This Blog Contains MSG (Chinese Restaurant Syndrome Isn’t Real)

Chinese Restaurant Syndrome Isn't Real

Dan Pashman, author, public speaker, host and self-described “eater, not foodie,” started his year off right. In January, Pashman’s podcast, The Sporkful, released an episode titled “This Podcast Contains MSG.” The two-time James Beard nominated podcast began the episode by playing media clips from horrified people claiming to have fallen ill due to MSG exposure. Pashman takes over the narration and describes the story of Dr. Ho Man Kwok’s personal anecdotal speculation that led to the coining of the phrase Chinese Restaurant Syndrome.

What is MSG?

what is MSG

In case you missed this informative article about “What is MSG,” published in the Huffington Post this month…

Author Julie R. Thomson noted: “MSG is one of the most notorious ingredients in the United States. The Japanese ingredient that’s commonly used in Chinese restaurants stateside, has been blamed for making people feel ill with symptoms ranging from headaches to asthma. (This reaction came to be known as Chinese Restaurant Syndrome.)”

“Many studies have been done to determine a relationship between the consumption of MSG and the symptoms that comprise the syndrome mentioned above, but they have failed to find a link.”

New Scientific Research: Adding MSG Helps Reduce Sodium While Maintaining Good Taste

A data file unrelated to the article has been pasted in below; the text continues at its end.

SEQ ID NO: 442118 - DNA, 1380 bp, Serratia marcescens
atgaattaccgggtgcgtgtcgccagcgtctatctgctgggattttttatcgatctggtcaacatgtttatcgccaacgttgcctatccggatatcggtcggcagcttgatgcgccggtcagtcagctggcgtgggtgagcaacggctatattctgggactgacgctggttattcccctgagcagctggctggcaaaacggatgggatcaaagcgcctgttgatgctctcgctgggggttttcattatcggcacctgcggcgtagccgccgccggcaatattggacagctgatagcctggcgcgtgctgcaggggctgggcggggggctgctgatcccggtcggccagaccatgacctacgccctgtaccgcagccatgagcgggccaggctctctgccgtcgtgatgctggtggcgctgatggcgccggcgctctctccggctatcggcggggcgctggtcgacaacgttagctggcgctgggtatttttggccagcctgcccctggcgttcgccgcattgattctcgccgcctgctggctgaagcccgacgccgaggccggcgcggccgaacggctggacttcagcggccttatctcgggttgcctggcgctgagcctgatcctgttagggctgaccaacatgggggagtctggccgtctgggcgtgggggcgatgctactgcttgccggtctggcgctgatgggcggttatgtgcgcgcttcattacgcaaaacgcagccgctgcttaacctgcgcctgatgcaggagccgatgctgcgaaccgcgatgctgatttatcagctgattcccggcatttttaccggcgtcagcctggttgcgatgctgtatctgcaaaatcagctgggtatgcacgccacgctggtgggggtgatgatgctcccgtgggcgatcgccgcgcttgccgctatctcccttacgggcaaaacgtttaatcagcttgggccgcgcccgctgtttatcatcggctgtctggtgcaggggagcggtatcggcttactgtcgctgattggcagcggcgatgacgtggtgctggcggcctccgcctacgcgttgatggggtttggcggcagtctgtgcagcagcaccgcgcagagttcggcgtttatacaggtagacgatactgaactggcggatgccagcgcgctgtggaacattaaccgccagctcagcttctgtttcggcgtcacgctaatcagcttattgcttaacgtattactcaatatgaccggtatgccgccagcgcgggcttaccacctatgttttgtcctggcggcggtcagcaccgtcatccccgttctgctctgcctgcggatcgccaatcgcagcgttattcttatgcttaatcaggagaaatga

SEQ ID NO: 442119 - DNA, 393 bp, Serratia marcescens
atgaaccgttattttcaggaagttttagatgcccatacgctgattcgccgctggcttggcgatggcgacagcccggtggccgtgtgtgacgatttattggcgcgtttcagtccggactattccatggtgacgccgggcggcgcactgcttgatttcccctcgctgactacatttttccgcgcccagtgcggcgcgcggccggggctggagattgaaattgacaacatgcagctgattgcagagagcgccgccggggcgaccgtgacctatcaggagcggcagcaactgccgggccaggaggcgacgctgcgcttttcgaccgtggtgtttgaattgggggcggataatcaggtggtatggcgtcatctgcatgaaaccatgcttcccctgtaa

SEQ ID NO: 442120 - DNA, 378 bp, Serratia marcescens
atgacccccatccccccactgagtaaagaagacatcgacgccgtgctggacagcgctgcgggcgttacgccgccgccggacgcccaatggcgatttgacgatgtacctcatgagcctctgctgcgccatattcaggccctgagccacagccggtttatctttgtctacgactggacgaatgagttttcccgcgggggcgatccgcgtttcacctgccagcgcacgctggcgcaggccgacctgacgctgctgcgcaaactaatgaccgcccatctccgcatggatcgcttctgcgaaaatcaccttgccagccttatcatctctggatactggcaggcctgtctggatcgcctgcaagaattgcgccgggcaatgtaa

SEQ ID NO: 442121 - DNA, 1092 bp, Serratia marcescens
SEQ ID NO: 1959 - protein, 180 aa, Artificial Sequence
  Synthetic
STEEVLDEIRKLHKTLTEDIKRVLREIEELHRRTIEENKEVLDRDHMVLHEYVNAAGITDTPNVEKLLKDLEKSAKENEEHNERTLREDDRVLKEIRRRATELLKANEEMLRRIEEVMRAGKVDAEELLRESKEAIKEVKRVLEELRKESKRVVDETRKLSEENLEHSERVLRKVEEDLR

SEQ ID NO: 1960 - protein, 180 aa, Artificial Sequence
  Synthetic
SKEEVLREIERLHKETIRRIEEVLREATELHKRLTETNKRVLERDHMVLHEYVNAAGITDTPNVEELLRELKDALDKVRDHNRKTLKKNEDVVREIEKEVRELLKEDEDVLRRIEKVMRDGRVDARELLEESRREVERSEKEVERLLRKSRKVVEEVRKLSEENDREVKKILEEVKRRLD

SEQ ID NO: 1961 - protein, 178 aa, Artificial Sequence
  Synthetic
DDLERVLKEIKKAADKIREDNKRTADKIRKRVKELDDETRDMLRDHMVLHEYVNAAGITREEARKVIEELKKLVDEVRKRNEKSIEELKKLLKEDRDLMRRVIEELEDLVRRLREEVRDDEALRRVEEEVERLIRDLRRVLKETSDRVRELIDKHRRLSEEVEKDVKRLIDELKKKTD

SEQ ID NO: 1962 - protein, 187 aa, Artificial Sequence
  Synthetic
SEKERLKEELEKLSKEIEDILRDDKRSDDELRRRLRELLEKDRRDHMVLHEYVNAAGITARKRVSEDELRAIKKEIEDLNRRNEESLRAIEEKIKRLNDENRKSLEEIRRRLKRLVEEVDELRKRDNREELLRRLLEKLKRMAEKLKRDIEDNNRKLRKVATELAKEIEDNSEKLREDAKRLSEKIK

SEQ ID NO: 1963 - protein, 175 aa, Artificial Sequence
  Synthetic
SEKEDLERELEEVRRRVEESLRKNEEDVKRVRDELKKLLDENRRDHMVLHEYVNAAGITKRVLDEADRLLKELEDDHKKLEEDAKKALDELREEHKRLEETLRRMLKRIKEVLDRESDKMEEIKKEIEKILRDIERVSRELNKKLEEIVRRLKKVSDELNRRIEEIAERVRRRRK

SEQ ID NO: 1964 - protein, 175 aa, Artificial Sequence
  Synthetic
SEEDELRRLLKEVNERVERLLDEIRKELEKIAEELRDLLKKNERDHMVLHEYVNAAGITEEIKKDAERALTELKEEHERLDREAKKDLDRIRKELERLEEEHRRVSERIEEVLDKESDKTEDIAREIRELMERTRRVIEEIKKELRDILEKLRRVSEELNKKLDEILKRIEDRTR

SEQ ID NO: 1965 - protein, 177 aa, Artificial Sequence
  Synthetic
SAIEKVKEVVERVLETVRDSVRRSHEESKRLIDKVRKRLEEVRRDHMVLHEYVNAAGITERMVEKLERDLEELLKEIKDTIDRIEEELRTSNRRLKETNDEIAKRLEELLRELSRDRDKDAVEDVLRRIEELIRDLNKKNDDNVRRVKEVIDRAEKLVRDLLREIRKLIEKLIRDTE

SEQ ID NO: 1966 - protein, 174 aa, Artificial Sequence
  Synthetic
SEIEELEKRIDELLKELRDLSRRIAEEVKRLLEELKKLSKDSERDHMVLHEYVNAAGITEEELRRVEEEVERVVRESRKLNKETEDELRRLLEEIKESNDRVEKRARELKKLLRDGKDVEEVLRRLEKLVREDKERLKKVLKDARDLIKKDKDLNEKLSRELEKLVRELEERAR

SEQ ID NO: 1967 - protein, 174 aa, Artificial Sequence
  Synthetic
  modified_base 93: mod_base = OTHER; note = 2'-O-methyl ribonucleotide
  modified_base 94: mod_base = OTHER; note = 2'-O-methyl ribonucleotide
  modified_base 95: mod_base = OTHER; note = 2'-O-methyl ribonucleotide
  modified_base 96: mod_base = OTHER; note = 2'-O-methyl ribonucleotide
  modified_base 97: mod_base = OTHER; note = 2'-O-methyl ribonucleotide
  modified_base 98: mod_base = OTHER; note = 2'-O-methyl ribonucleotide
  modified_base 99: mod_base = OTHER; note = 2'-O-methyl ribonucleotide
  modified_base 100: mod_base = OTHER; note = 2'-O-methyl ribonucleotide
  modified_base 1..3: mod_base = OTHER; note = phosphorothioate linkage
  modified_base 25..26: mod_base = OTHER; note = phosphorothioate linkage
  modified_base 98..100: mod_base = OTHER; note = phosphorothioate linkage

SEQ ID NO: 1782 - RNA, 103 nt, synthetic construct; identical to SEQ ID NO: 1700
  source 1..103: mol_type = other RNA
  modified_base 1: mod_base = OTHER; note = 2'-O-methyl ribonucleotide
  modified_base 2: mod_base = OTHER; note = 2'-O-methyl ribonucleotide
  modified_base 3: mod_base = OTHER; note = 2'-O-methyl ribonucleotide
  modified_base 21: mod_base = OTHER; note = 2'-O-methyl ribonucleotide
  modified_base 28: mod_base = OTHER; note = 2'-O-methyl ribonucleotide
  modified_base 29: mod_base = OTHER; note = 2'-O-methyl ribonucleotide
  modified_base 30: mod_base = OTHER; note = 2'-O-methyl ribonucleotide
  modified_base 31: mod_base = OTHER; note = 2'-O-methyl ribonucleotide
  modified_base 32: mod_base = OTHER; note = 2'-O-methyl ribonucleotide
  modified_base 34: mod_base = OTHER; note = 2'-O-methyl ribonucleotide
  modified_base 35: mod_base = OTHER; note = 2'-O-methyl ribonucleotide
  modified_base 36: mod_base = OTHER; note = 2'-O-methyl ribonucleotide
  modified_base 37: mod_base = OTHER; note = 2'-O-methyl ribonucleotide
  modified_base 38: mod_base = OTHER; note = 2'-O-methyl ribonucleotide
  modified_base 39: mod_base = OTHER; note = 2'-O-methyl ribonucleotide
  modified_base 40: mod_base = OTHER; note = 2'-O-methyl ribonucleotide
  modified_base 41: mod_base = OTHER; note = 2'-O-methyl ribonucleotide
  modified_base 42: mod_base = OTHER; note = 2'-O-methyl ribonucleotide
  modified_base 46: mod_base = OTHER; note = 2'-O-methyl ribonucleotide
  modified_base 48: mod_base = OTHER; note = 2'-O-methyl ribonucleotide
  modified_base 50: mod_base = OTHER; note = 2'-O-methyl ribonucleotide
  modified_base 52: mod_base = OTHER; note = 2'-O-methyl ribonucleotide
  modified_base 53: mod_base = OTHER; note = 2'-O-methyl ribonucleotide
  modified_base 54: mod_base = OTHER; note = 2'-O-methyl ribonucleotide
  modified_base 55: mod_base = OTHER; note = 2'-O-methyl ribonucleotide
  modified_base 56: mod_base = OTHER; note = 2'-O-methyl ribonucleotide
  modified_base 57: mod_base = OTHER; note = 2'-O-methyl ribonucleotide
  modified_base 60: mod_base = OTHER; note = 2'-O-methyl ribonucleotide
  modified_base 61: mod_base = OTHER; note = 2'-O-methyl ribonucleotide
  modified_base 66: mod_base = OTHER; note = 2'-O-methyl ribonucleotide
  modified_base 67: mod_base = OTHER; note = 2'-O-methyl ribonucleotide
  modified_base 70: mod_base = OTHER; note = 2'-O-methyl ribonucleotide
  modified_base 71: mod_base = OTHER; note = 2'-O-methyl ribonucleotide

Reduce Sodium

The latest U.S. dietary recommendations announced earlier this year emphasize the need for Americans to significantly reduce sodium in their diets. According to the Centers for Disease Control and Prevention (CDC), 90 percent of all Americans eat too much sodium in their daily diets.

But for those of us who love salty foods and are used to grabbing the salt shaker the minute dinner is served, how do we lower our sodium intake without sacrificing taste? A new research study on monosodium glutamate (MSG) and its effect on palatability is enlightening. The results are pretty tasty if we say so ourselves. While we’ve addressed MSG and taste in several of our blogs here at MSGdish, this research offers further proof of how important MSG can be to enhance the flavor of food (in this case, spicy soups).

The New U.S. Dietary Guidelines for Sodium: What about MSG?

Lower Sodium

Did you know that 90 percent of all Americans eat too much sodium in their daily diets? According to the Centers for Disease Control and Prevention (CDC),“Most adults and children in the United States exceed the 2015–2020 Dietary Guidelines for Americans recommendation for dietary sodium.”

Because sodium is found in so many foods, careful choices are needed in all food groups to reduce intake. The top sources of sodium in the U.S. diet include breads and rolls, deli meats, pizza, poultry, soups, sandwiches, cheese, rice and pasta dishes, seafood dishes, meat mixed dishes (such as meatloaf with tomato sauce), and savory snacks.

Is There Evidence to Back Up Claims Against MSG?

Chinese Restaurant Syndrome

A recent investigative report by the British Broadcasting Corporation (BBC), which is the public-service broadcaster of the United Kingdom, focuses on this topic: “Monosodium glutamate is often blamed for a range of nasty side effects. But is there evidence to back up these MSG claims?”

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